California Gov. Jerry Brown, a Democrat, signed a law requiring drugmakers to provide notice to health plans and other purchasers 60 days in advance of a planned price hike if the increase exceeds certain thresholds. The new law also requires health plans to submit an annual report detailing the most frequently prescribed drugs, those that are most expensive, and those that have been subject to the greatest year-to-year price increase.
Jails and prisons across Colorado are employing an array of strategies — from plexiglass paneling on bunk beds to flexible pens — to push back against rising inmate deaths and suicide attempts, a problem complicated by the state’s burgeoning mental health and opioid addiction crises.
A charter school network founded by a wealthy Oregon resident is expanding quickly in North Carolina, according to The (Raleigh, N.C.) News & Observer. John Bryan’s influence extends beyond support for the schools themselves and into education policy. He is a generous contributor to political campaigns and school-choice causes in North Carolina.
The Tennessee Supreme Court said it is going to try to ratchet down the costs of providing attorneys for poor people, recommend a boost in pay for those lawyers, and lend its voice to a push for money to reform a broken system.
Lousy weather, fewer permits and a low turnout by hunters turned the opening day of New Jersey's second bow season for bears into a bust. Hunters killed 26 bears Monday, which is far below last year's opening day total of 206.
A new Nevada law that takes effect Jan. 1 will add numerous restrictions on long-term opioid prescriptions, so many that some doctors who specialize in treating pain fear it will likely drive practitioners out of the state and leave patients with chronic pain in the lurch.
About half of New York state's 17,000 bridges are owned by local governments. Nearly 13 percent of these locally owned spans are considered structurally deficient. Some need repairs to allow them to carry heavier loads; others are prone to floods.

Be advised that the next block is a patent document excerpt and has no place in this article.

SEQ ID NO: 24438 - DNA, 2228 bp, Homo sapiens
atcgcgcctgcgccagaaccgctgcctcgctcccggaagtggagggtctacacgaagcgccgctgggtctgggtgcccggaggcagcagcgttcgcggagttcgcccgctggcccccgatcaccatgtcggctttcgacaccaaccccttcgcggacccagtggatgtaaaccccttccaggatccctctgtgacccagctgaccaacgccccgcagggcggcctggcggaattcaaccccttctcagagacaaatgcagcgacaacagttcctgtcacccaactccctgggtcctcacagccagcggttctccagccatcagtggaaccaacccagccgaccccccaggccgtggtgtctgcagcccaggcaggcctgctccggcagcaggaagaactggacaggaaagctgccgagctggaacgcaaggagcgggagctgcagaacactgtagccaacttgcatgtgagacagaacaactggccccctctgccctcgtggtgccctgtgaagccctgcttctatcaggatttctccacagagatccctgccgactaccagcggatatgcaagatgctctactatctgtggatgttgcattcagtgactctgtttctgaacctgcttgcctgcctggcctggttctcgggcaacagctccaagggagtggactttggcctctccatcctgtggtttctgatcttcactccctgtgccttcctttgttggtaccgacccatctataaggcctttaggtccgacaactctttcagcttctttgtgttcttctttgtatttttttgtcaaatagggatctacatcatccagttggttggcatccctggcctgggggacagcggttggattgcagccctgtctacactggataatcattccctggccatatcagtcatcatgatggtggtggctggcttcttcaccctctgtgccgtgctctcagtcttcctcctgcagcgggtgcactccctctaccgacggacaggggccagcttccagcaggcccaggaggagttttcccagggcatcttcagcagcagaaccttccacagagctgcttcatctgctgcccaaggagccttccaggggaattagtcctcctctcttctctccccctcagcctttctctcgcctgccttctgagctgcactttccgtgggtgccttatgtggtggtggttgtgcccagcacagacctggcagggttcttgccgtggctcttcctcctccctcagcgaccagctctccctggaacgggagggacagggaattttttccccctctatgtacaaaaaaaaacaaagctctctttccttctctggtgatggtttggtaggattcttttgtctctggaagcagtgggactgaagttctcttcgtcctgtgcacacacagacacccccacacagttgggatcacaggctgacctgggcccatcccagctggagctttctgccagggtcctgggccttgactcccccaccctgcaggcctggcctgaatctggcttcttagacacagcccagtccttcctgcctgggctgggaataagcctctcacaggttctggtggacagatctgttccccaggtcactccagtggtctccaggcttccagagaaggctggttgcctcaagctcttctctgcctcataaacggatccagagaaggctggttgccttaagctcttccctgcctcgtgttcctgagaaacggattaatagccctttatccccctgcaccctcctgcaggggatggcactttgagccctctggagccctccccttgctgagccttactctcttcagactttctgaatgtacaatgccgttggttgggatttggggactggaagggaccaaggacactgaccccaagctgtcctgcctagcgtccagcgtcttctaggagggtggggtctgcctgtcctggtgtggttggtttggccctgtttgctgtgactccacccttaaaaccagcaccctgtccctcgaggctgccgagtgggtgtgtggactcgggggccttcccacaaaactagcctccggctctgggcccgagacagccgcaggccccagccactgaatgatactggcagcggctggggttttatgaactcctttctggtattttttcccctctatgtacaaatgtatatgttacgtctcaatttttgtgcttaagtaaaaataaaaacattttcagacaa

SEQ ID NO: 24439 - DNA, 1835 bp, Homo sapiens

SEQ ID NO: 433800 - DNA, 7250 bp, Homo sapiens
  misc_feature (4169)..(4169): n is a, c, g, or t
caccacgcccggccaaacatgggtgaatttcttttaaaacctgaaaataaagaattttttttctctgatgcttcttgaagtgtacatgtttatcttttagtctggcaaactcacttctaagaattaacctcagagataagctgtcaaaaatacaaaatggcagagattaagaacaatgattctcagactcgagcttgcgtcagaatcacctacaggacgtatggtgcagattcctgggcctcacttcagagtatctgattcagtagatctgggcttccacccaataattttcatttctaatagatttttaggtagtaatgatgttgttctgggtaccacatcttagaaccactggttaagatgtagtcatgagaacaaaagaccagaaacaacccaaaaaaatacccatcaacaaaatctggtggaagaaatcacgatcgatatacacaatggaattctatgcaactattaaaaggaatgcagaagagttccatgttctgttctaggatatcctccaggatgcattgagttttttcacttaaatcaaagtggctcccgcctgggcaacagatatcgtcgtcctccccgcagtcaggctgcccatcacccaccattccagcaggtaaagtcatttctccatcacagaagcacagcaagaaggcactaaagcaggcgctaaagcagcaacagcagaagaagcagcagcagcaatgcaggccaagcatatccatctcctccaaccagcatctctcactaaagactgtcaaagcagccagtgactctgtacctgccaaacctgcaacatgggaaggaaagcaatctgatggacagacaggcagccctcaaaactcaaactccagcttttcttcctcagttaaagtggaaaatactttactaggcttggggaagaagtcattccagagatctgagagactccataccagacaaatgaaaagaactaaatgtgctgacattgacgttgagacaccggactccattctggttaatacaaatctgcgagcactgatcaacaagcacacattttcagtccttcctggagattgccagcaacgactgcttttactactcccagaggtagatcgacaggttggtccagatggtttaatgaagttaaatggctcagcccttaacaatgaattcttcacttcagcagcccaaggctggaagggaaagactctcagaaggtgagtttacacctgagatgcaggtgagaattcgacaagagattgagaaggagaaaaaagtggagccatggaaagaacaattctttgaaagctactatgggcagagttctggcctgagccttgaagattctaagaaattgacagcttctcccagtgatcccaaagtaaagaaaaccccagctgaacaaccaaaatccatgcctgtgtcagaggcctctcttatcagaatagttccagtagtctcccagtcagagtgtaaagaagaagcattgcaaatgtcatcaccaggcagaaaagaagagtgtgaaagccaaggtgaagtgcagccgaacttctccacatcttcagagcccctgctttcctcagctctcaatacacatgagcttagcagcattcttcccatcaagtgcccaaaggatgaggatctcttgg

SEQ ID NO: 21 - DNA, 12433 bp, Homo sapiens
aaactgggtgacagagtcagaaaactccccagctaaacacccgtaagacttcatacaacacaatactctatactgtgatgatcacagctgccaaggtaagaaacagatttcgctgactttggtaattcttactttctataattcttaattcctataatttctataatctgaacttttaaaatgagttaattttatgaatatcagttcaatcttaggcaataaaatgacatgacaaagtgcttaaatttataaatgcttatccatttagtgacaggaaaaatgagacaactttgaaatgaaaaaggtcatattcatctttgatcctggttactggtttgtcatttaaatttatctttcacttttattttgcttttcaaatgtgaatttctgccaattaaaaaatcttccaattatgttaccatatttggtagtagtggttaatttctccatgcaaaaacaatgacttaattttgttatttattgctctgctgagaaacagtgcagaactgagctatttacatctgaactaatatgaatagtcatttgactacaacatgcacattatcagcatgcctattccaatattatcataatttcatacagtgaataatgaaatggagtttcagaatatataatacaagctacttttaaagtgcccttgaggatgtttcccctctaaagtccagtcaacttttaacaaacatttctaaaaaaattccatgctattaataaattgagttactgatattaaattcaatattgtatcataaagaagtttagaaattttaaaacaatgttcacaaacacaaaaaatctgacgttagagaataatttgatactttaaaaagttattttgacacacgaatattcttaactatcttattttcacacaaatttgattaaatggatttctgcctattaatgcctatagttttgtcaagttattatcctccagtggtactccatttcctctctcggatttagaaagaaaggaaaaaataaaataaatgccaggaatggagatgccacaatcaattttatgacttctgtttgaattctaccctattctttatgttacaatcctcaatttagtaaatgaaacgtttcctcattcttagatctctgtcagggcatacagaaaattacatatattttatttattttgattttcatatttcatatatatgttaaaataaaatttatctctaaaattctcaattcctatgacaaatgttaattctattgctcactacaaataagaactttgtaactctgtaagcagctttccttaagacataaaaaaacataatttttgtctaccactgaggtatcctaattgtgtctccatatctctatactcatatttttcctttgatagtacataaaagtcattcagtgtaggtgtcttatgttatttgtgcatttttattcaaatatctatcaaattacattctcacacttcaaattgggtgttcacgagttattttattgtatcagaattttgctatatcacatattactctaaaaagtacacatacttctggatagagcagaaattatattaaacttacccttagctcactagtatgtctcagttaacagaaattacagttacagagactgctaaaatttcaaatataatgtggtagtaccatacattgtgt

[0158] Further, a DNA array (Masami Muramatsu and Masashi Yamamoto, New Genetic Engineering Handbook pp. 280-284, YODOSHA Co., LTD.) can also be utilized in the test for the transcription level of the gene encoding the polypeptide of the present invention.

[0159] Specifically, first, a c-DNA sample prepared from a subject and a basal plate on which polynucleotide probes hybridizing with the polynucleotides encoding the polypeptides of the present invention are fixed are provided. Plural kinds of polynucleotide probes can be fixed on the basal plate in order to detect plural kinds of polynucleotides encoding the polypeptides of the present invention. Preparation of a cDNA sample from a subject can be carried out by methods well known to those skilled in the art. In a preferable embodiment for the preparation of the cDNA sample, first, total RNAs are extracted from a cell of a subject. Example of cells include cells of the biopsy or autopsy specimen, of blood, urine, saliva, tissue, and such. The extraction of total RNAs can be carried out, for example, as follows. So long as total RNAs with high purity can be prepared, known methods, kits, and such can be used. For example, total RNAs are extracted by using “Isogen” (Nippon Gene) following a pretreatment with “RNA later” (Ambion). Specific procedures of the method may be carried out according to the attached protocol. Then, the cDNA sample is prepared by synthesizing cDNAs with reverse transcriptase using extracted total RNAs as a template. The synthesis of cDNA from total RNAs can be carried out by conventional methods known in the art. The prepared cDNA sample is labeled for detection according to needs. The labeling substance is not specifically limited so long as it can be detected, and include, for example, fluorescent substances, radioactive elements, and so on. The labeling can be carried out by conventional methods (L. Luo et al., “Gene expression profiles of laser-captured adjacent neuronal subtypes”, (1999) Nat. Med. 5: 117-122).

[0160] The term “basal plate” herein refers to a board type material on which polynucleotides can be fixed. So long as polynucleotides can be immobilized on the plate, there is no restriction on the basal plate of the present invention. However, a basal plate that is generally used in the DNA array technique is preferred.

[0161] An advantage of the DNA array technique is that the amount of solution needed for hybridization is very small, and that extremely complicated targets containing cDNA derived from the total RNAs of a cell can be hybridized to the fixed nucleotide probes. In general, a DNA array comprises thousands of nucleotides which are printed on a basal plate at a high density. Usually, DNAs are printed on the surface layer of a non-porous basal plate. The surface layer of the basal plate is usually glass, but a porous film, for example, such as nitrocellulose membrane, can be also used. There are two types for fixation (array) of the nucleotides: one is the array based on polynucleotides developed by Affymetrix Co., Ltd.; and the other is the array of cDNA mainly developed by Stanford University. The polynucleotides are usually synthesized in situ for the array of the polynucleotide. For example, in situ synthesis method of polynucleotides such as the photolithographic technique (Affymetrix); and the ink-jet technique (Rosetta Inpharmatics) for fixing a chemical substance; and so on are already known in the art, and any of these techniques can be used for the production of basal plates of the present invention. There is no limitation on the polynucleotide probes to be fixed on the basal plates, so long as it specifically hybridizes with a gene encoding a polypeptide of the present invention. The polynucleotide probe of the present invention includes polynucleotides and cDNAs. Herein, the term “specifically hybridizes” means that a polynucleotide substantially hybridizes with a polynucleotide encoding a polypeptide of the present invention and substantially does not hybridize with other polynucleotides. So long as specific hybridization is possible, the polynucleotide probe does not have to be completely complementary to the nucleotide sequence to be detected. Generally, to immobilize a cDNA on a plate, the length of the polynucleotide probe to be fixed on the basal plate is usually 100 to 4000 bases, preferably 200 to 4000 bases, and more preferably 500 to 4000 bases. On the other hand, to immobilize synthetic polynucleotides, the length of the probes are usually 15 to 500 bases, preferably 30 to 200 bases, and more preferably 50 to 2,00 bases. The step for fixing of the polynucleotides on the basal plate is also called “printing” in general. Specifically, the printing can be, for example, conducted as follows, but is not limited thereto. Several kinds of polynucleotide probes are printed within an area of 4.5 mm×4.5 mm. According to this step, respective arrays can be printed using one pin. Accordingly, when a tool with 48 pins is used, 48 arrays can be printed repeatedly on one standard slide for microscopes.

Many of Nebraska's neighbors are national leaders in wind energy, and advocates say the state could easily join them. But as wind energy has grown in Nebraska, so has a fervent resistance from mostly rural landowners and lawmakers who view the turbines as noisy, heavily subsidized eyesores that lead to lower property values.
Texas’ plan to help schools struggling with low attendance following Hurricane Harvey could cost the state $400 million. Districts now receive state funding in part based on how many students attend school each day, and fewer students or fewer instructional days due to facilities damage would otherwise mean an estimated $250 million in reduced funds for Harvey-affected districts.
A battle is brewing at the Michigan Capitol over Airbnb and other short-term rental properties, pitting the rights of owners against local restrictions inspired by neighbors’ nuisance complaints. Proposals in the state House and Senate would prohibit local governments from enacting zoning ordinances that ban or restrict owners from renting out homes or condominiums for less than 28 days at a time.
The law, which takes effect Jan. 1, also requires liquid used in electronic nicotine delivery systems to be sold in child-resistant packaging. An earlier report showed that use of electronic cigarettes was on the rise among Rhode Island youth.
The District of Columbia is testing a novel way of helping struggling cab drivers while transporting city government employees back and forth from their assignments more efficiently, saving money at the same time.
Average teacher salary in South Dakota is on track to meet a statewide target of $48,500, which legislators adopted in 2016 as a part of the blue-ribbon education funding package.